Forget payments -- NFC in the iPhone could be used for a lot more interesting things
When most of us hear the phrase NFC (short for near field communication), the first visual that comes to mind is the virtual or digital wallet (or an iWallet if you're an Apple fan) stored in your smartphone. That's the use case for NFC that gets the most attention - not surprising given the staggering array of companies pushing for NFC transactions.
Google has offered its Google Wallet service since September 2011 with a handful Android phones that include NFC, and a range of Android manufacturers have built NFC chips into their devices. RIM began shipping NFC BlackBerry handsets over a year ago. Three of the four national carriers in the U.S. (T-Mobile, AT&T, and Verizon) have teamed up to create their own mobile payments system known as Isis that will use NFC. A new consortium created by several major retail and dining chains known as MCX (Merchant Customer Exchange) is hoping to create a major digital wallet format as well -- MCX hasn't mentioned NFC specifically, but it seems likely that the organization will support whatever format(s) the nascent mobile payment industry settles on.
Apple is expected to be working on its own digital wallet system and there have been on-again/off-again rumors that it might be based on NFC. Apple certainly has the payment-processing infrastructure it needs, but we probably won't know until tomorrow's big Apple announcement whether the iPhone 5 will include NFC support (the latest rumors suggest not), or even that Apple would pick NFC as a payment mechanism.
But NFC has capabilities beyond consumer purchasing, some of which could have major impact on enterprises.
Some car makers have experimented with using NFC key fobs, which automatically unlock a car and allow the driver to start it without a traditional key in the ignition. Companies have begun offering NFC-based residential locks. NFC tags can be integrated into traditional office building lock systems with greater flexibility than RFID or magnetic strip counterparts. Trials have been run in several countries using NFC transaction technology for mass transit systems. The technology can also be used to transfer -- or beam -- content between two mobile devices.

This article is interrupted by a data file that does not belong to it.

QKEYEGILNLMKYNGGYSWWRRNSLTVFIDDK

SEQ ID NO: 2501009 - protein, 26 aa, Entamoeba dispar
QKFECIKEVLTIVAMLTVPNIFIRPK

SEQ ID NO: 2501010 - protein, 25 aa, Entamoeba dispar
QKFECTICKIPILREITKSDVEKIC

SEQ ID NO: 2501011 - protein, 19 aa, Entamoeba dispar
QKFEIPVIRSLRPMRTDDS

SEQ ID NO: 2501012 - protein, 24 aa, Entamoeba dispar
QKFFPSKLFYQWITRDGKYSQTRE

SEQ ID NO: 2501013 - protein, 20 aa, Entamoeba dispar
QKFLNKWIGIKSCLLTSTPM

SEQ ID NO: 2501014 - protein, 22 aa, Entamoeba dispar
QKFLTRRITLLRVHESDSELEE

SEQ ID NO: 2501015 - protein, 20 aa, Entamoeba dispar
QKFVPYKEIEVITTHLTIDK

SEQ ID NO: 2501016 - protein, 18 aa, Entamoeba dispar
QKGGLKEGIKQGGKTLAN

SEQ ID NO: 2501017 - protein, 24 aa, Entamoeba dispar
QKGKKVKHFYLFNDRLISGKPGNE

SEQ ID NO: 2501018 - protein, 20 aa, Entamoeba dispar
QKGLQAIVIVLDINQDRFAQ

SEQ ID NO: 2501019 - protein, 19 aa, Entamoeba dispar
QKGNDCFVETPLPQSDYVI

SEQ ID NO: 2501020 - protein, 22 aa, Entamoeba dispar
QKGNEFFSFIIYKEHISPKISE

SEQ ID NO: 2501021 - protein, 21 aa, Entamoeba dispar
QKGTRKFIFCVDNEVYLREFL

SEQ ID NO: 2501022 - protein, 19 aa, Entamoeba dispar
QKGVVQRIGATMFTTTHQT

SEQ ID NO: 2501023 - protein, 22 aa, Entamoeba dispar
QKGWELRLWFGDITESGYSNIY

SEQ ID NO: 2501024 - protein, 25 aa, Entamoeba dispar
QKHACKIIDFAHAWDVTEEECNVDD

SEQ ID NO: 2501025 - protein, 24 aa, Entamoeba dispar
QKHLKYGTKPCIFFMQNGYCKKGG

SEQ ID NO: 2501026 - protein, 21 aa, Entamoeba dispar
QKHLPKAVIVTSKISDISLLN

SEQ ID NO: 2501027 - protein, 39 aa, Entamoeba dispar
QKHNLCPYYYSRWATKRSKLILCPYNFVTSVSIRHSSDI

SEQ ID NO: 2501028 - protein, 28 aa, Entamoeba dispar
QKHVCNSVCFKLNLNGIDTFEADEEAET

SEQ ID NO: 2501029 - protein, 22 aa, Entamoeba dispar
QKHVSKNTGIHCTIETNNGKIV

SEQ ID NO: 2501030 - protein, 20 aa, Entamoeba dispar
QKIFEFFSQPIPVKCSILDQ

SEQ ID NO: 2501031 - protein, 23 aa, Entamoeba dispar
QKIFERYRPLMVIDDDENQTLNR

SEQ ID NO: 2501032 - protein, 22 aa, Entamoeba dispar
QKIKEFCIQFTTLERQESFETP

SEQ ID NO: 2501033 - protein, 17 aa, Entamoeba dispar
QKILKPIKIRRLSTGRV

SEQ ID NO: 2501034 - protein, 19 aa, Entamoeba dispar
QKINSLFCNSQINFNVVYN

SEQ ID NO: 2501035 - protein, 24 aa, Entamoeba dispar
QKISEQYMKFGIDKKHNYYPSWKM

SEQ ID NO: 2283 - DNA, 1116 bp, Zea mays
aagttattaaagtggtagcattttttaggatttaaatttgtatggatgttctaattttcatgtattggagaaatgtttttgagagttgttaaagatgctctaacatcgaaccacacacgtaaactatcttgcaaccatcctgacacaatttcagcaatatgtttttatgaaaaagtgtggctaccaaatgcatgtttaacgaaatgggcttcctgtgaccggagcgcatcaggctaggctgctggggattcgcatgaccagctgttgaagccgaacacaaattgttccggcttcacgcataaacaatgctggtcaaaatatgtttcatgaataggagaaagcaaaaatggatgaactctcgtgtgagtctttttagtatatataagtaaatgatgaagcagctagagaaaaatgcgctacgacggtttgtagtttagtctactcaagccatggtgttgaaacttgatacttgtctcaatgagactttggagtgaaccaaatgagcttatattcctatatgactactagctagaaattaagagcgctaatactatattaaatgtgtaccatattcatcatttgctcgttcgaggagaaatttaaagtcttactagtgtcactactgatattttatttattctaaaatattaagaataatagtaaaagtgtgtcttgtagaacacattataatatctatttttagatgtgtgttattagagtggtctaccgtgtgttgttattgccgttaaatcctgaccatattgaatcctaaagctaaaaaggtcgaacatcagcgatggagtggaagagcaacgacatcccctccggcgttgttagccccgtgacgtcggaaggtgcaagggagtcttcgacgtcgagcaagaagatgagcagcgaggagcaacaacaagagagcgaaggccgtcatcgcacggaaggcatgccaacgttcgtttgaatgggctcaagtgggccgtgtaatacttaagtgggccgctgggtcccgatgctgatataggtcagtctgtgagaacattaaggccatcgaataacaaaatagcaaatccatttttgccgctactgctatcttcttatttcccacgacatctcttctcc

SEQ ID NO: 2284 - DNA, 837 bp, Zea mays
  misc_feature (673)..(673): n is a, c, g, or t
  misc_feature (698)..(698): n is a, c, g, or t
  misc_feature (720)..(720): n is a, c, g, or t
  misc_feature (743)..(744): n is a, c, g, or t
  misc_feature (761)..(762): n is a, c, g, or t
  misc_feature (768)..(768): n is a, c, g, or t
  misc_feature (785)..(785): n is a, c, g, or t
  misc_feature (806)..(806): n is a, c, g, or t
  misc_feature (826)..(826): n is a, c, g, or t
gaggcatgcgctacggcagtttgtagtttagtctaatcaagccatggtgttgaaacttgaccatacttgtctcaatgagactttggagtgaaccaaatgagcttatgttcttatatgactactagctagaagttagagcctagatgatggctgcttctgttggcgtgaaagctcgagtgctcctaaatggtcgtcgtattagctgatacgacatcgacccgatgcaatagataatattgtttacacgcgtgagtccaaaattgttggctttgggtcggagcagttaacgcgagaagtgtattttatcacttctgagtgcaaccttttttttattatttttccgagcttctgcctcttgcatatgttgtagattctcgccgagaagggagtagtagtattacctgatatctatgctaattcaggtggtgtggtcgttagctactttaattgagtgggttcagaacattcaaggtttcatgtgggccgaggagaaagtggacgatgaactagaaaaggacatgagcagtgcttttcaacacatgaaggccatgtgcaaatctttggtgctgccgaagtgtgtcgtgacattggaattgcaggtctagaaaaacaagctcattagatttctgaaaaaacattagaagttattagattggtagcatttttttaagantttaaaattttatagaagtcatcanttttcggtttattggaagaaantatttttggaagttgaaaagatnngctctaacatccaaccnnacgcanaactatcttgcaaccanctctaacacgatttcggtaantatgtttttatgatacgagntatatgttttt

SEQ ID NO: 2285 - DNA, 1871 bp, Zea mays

Another, even more ingenious way to implement NFC in the enterprise is using NFC-enabled devices or cards to serve as part of a two-part authentication system for logging into workstations, connecting remotely using a VPN connection, or accessing other secure network and or cloud resources.
Two years ago, Apple was reportedly working on ways to use NFC as a login mechanism for Mac users -- you'd put your iPhone next to a Mac and could be automatically logged into it. The system would let you log into any NFC-equipped Mac, and would call up your user account with associated info, like bookmarks, documents, and apps.
Essentially, Apple was supposedly working on creating an NFC version of the Windows To Go feature Microsoft has built into Windows 8.
Brandon Porco, the chief technologist for defense contractor Northrop Grumman, says that IT will have to try lots of different things and move quickly to keep abreast of evolving employee needs. "Google has it very well-patterned: Launch and iterate."
Although Apple is often accused of not being an enterprise company, it's only in the last few years that Apple has abandoned its enterprise-oriented products. The real story may be that Apple's discovered that making enterprise-focused efforts simply don't deliver a huge return on investment.
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